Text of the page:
Both sides are also discussing knowledge sharing on the issue through a Japan-India workshop on disaster risk reduction.

Following the October 29 summit in Tokyo, India and Japan also exchanged notes on seven yen loan agreements for key infrastructure projects in India, including two in the Northeast — renovation and modernisation of the Umiam-Umtru Stage-III hydroelectric power station in Meghalaya, and sustainable catchment forest management in Tripura.

Biodiversity conservation and forest management projects in Nagaland and Sikkim are also under consideration.

People-to-people ties also form a key aspect in Japan’s engagement with northeastern India and for this it has been decided to promote Japanese language education in the Northeast.

Gauhati University and Cotton University in Assam, English and Foreign Languages University in Meghalaya, and the National Institute of Technology in Nagaland have expressed interest in this.

(Aroonim Bhuyan can be contacted at [email protected])

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International Day of Persons with Disabilities: Theme, Date and history of the day

International Day of Persons with Disabilities: It aims to increase public awareness, understanding and acceptance of people with disabilities and celebrate their achievements and contributions.

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International Day of Persons with Disabilities

International Day of Persons with Disabilities is an international observance promoted by the United Nations since 1992. It is celebrated on December 3 all around the world. It aims to increase public awareness, understanding and acceptance of people with disabilities and celebrate their achievements and contributions.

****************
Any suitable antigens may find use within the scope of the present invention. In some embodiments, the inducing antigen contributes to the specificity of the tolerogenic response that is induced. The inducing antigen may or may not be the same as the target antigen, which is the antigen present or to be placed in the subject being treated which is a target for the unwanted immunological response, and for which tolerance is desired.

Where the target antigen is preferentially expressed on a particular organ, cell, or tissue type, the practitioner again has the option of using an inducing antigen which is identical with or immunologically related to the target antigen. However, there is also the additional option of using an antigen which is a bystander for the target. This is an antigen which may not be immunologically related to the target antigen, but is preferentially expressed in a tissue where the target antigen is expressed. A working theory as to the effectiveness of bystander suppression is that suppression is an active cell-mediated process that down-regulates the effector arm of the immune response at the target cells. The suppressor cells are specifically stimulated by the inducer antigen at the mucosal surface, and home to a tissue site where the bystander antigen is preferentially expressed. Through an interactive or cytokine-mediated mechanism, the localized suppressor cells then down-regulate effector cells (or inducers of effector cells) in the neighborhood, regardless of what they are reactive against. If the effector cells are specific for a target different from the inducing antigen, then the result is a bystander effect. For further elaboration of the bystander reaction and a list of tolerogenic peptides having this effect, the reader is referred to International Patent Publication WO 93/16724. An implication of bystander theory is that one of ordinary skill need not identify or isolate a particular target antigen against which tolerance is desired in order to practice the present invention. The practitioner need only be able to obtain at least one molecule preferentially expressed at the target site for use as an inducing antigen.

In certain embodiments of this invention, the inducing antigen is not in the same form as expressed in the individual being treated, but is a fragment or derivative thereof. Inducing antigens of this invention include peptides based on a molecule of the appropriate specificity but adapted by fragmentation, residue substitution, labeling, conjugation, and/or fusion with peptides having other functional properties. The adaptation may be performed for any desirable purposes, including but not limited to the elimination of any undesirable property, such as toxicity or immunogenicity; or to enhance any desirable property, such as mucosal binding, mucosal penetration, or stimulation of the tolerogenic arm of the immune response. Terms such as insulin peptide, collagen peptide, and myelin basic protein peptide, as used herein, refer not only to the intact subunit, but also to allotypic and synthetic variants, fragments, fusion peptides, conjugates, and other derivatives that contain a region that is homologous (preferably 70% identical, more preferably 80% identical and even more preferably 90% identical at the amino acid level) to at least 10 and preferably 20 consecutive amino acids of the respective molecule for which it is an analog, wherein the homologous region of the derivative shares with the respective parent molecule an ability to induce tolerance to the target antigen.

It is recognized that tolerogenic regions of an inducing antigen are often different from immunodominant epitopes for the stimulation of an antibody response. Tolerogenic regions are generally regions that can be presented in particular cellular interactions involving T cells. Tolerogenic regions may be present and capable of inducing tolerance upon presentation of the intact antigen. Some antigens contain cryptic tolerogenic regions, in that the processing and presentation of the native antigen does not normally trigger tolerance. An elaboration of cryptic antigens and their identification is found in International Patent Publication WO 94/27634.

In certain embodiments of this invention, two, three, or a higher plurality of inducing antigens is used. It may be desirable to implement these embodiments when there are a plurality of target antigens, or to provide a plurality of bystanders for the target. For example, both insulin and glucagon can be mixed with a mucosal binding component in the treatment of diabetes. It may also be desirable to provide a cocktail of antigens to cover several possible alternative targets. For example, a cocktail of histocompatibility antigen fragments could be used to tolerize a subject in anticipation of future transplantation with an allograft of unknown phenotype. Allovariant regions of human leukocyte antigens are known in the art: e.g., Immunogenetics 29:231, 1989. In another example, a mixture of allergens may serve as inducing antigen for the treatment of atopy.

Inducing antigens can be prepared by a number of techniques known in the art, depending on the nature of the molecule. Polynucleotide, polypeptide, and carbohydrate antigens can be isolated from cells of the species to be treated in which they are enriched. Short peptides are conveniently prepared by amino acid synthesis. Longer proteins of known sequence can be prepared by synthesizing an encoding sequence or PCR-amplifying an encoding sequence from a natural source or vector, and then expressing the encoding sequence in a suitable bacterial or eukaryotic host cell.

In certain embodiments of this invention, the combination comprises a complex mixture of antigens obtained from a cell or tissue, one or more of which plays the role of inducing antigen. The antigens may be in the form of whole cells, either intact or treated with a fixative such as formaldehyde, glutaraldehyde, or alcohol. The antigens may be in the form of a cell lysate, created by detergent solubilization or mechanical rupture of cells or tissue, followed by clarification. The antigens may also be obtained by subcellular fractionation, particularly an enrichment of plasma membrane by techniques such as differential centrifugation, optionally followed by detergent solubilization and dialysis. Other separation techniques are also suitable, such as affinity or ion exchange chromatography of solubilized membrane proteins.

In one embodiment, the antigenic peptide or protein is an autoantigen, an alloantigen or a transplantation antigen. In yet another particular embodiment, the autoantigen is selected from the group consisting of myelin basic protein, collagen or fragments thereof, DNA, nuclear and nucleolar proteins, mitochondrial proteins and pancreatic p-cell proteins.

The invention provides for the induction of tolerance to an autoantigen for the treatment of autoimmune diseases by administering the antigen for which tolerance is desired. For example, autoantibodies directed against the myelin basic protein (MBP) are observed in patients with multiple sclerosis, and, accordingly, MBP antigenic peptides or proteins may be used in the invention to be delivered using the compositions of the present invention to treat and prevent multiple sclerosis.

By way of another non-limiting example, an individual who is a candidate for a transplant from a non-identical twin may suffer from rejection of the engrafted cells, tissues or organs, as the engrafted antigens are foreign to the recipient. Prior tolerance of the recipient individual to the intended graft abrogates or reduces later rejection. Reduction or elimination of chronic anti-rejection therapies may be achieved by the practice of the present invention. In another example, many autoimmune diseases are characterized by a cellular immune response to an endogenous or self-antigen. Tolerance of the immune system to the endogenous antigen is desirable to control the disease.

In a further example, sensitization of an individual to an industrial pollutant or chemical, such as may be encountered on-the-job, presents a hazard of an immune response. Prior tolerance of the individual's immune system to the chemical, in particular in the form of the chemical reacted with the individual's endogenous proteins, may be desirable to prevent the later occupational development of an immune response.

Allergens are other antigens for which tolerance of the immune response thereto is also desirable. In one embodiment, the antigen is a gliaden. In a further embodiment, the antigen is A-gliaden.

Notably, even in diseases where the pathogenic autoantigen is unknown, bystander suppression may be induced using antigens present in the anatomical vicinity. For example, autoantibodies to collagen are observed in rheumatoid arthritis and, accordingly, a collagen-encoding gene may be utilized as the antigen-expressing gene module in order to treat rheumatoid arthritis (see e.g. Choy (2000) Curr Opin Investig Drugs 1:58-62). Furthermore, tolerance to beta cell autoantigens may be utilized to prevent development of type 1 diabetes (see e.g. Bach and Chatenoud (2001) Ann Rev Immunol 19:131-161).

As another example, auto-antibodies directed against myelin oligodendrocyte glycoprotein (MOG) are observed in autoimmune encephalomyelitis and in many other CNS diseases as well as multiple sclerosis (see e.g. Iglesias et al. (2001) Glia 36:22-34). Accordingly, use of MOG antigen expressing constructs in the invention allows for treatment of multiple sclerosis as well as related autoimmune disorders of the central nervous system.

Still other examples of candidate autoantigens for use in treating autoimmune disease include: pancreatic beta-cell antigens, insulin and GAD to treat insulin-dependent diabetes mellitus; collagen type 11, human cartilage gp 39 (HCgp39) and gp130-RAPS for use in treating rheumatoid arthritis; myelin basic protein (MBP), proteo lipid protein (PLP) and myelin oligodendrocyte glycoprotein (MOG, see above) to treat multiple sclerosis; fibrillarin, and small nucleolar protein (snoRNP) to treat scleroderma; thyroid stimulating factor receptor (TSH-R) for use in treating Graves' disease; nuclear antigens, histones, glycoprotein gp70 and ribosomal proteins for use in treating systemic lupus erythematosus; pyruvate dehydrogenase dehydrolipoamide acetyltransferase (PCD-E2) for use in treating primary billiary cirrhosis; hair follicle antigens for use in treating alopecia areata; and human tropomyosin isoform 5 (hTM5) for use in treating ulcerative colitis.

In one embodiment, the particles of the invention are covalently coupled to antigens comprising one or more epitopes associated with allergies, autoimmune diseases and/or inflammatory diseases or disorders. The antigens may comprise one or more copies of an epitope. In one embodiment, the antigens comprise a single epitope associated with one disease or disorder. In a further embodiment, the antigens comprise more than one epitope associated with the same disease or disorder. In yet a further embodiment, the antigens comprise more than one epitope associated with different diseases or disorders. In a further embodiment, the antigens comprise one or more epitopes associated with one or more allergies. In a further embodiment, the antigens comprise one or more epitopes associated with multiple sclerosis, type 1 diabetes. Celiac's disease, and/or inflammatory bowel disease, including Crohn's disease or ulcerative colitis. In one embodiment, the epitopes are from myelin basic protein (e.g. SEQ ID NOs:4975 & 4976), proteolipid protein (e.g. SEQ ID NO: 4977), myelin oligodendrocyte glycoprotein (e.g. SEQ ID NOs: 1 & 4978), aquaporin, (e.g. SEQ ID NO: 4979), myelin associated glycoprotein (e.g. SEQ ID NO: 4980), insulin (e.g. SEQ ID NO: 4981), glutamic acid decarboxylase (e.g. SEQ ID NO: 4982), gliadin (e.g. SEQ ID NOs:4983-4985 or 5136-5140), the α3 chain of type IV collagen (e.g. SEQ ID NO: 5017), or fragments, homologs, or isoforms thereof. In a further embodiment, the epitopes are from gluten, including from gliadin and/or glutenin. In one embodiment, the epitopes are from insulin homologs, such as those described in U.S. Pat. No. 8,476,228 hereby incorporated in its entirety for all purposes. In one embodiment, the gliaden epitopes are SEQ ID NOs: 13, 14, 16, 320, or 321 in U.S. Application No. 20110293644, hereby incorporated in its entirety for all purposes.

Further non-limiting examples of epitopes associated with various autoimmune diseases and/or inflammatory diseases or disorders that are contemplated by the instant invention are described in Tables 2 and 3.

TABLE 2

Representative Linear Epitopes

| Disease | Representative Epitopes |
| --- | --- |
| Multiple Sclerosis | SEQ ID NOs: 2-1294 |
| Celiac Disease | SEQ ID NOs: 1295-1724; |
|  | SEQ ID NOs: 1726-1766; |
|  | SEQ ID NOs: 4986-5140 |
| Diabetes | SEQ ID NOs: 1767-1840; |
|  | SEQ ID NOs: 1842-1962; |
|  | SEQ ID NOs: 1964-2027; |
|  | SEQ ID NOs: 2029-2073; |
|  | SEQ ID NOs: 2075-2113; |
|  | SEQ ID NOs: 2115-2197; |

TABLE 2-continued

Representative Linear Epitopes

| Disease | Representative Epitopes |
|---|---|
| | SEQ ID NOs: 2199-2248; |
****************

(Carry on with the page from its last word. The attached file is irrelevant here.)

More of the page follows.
IDPD mobilizes support for critical issues relating to the inclusion of persons with disabilities, promotes awareness-raising about disability issues and draws attention to the benefits of an inclusive and accessible society for all.

UN agencies, civil society organizations, academic institutions and the private sector are motivated to support IDPD by collaborating with organizations for people with disabilities to arrange events and activities.

International Day of People with Disability: Theme

The theme for IDPwD 2020 is “Building Back Better: toward a disability-inclusive, accessible and sustainable post COVID-19 World”.

Every year the UN announces a theme to observe for International Day of People with Disability. The annual theme provides an overarching focus on how society can strive for inclusivity through the removal of physical, technological and attitudinal barriers for people with disabilities.

This has been occurring since 1992 when the General Assembly announced 3 December as the International Day of Disabled Persons.